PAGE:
In a press release sent out today, the Virginia Association of REALTORS® through the Virginia REALTORS® Political Action Committee (RPAC) announced its endorsement of Terry McAuliffe for Governor of Virginia. On August 20-21, 2013, both Mr. McAuliffe and Virginia Attorney General Kenneth Cuccinelli appeared before the RPAC Board of Trustees for separate and extensive candidate interviews. Further, each candidate submitted written responses to questionnaires developed for this race.
A quick congrats is in order to long-time VAR member Mack Strickland of Chester — president of Strickland Appraisal Services — who was named by Governor Bob McDonnell to the Real Estate Appraiser Board.
Issa says the change could save the Post Office $4.5 billion a year.
(Contrary to popular belief, the USPS does not receive federal funding. All its money comes from postage and delivery sales and services.)
Back in February we told you not to worry about Richard Cordray’s appointment to the Consumer Financial Protection Bureau. (There was some concern that if wasn’t confirmed, we’d be back in limbo in terms of mortgage requirements, and that would play havoc with the housing recovery.)
There’s a big deal going on in the Senate regarding tax reform.
The Senate Finance Committee has decided that the easiest way to change the tax code is to start with a blank slate — that is, start with no deductions at all, then add in the ones that are most important.
Unfortunately, in the post-Citizens United era, "most important" could easily become "what most big businesses want," rather than "what’s best for the country." Which is why NAR wants to be sure that tax incentives for homeowners — notably the mortgage interest deduction, property tax deduction, and capital gains exclusions — are at the top of the list.
About a month ago a survey was sent out to Virginia Realtors giving them the opportunity to share what they are experiencing first hand, in the field regarding the housing market.
The survey, conducted in partnership with The Federal Reserve Bank of Richmond, focused on the state of the residential housing market in Virginia and how those conditions changed during the first quarter of 2013.
About 70 percent of Virginia Realtors say that housing market conditions were slightly or significantly better the in the first quarter of this year, and a similar share of respondents indicated that the inventory of housing was very low.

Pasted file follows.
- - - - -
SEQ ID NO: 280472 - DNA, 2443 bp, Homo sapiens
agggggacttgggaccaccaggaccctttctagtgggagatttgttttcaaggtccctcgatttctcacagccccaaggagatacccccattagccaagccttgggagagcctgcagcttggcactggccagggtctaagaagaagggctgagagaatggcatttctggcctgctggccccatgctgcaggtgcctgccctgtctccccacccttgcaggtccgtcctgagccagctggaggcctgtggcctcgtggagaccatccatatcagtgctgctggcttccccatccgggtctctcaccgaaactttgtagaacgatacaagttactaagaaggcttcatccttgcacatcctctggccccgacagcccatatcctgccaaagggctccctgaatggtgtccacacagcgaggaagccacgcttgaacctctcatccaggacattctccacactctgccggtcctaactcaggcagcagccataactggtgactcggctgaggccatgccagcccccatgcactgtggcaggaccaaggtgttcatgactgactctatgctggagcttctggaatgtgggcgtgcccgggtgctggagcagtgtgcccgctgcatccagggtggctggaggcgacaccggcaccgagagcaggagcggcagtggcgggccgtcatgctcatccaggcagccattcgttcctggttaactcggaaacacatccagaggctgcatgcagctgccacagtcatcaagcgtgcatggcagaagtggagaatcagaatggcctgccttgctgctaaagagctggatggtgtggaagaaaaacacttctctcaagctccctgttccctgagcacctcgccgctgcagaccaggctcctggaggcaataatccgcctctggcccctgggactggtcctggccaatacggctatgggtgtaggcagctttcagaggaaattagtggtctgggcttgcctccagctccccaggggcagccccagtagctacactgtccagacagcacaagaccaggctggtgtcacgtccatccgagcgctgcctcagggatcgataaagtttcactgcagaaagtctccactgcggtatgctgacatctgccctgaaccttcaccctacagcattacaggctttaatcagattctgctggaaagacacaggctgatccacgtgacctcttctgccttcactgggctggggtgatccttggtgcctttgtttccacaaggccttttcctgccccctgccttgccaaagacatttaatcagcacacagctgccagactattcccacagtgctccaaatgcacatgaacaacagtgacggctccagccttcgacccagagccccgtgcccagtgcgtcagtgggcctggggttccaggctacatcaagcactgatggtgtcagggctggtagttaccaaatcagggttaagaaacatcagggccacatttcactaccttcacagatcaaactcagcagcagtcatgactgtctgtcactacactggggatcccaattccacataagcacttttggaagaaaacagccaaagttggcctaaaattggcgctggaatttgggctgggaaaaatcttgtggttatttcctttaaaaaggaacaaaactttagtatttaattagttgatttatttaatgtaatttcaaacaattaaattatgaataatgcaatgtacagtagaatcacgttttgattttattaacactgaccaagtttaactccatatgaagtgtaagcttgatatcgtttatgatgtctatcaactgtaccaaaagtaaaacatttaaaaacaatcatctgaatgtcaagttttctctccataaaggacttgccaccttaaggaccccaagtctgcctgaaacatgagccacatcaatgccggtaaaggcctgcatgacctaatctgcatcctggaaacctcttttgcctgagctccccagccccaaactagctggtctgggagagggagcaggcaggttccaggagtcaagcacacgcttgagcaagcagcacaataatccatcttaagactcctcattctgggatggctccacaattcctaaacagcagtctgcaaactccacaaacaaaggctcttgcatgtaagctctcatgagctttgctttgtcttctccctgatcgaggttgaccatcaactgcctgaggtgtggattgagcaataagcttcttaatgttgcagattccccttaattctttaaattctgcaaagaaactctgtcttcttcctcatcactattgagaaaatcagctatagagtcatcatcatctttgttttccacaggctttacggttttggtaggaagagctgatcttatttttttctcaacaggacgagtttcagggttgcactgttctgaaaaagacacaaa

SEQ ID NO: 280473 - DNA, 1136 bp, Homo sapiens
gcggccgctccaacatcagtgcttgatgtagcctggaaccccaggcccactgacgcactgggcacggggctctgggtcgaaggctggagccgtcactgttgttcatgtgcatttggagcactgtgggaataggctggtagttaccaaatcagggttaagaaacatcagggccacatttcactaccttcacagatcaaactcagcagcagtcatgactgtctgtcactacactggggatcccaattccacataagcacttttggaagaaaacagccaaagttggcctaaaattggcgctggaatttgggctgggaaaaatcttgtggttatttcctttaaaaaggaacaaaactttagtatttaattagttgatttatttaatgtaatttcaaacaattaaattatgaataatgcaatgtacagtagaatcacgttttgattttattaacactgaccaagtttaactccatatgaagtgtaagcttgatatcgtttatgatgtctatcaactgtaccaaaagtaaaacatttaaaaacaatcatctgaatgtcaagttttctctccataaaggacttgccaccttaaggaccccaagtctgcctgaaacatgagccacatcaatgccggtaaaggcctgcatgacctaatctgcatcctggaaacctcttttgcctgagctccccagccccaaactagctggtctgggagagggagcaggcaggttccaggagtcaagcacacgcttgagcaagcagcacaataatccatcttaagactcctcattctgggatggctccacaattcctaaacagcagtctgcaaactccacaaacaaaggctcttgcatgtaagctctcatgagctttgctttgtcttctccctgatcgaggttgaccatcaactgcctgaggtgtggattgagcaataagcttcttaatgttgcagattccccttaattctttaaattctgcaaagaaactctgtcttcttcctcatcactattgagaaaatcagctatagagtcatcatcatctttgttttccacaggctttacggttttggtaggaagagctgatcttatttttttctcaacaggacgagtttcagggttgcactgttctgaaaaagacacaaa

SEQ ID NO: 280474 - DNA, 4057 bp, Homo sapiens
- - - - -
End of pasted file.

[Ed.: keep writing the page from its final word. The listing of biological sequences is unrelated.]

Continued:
A coupla weeks ago, we told you that Virginia senator Mark Warner — along with his colleague Bob Corker — was going to introduce a bill to essentially liquidate Fannie Mae and Freddie Mac. The two have now formally introduced the bill, which also has the backing of six other members of the Senate Banking Committee. (The tally is four Democrats and four Republicans, in case that matters to you.)
File this under "got your back": Check out who’s spending the most money lobbying on Capitol Hill, courtesy of OpenSecrets.org:
That’s $8.5 million so far this year. In 2012, NAR spent a total of $41.5 million (and was also the number-two lobbying organization behind the US Chamber).
There are a handful of tax breaks for homeowners who improve the energy efficiency of their homes — essentially, the government reduces your taxes if you make your house greener.
Now a bill introduced in the Senate by senators Michael Bennet (D-Colo.) and Johnny Isakson (R-Ga.) would give a different kind of incentive — it would require lenders to take into account the energy-efficient features of a home when calculating a borrower’s income/expense ratio.
Essentially, it would allow buyers to qualify for a larger loan or a better rate if a home is energy efficient.
The National Flood Insurance Program was in the black until Hurricane Katrina; since then it’s been in debt to the tune of about $20 billion. (Which, of course, illustrates why it’s a government program and not offered by private insurers.)
So in 2012 Congress reformed the program to try to keep it from bleeding money.
For example, homes built before 1968 — when the NFIP started — were given lower, "grandfathered" rates. Those are going to be phased out. And homeowners living where the danger of flooding is so extreme that insurance is unaffordable were given subsidies to pay for it. (Yes, that’s correct. People living in the most-flood prone areas were given lower insurance rates.) Those subsidies are also going to be removed.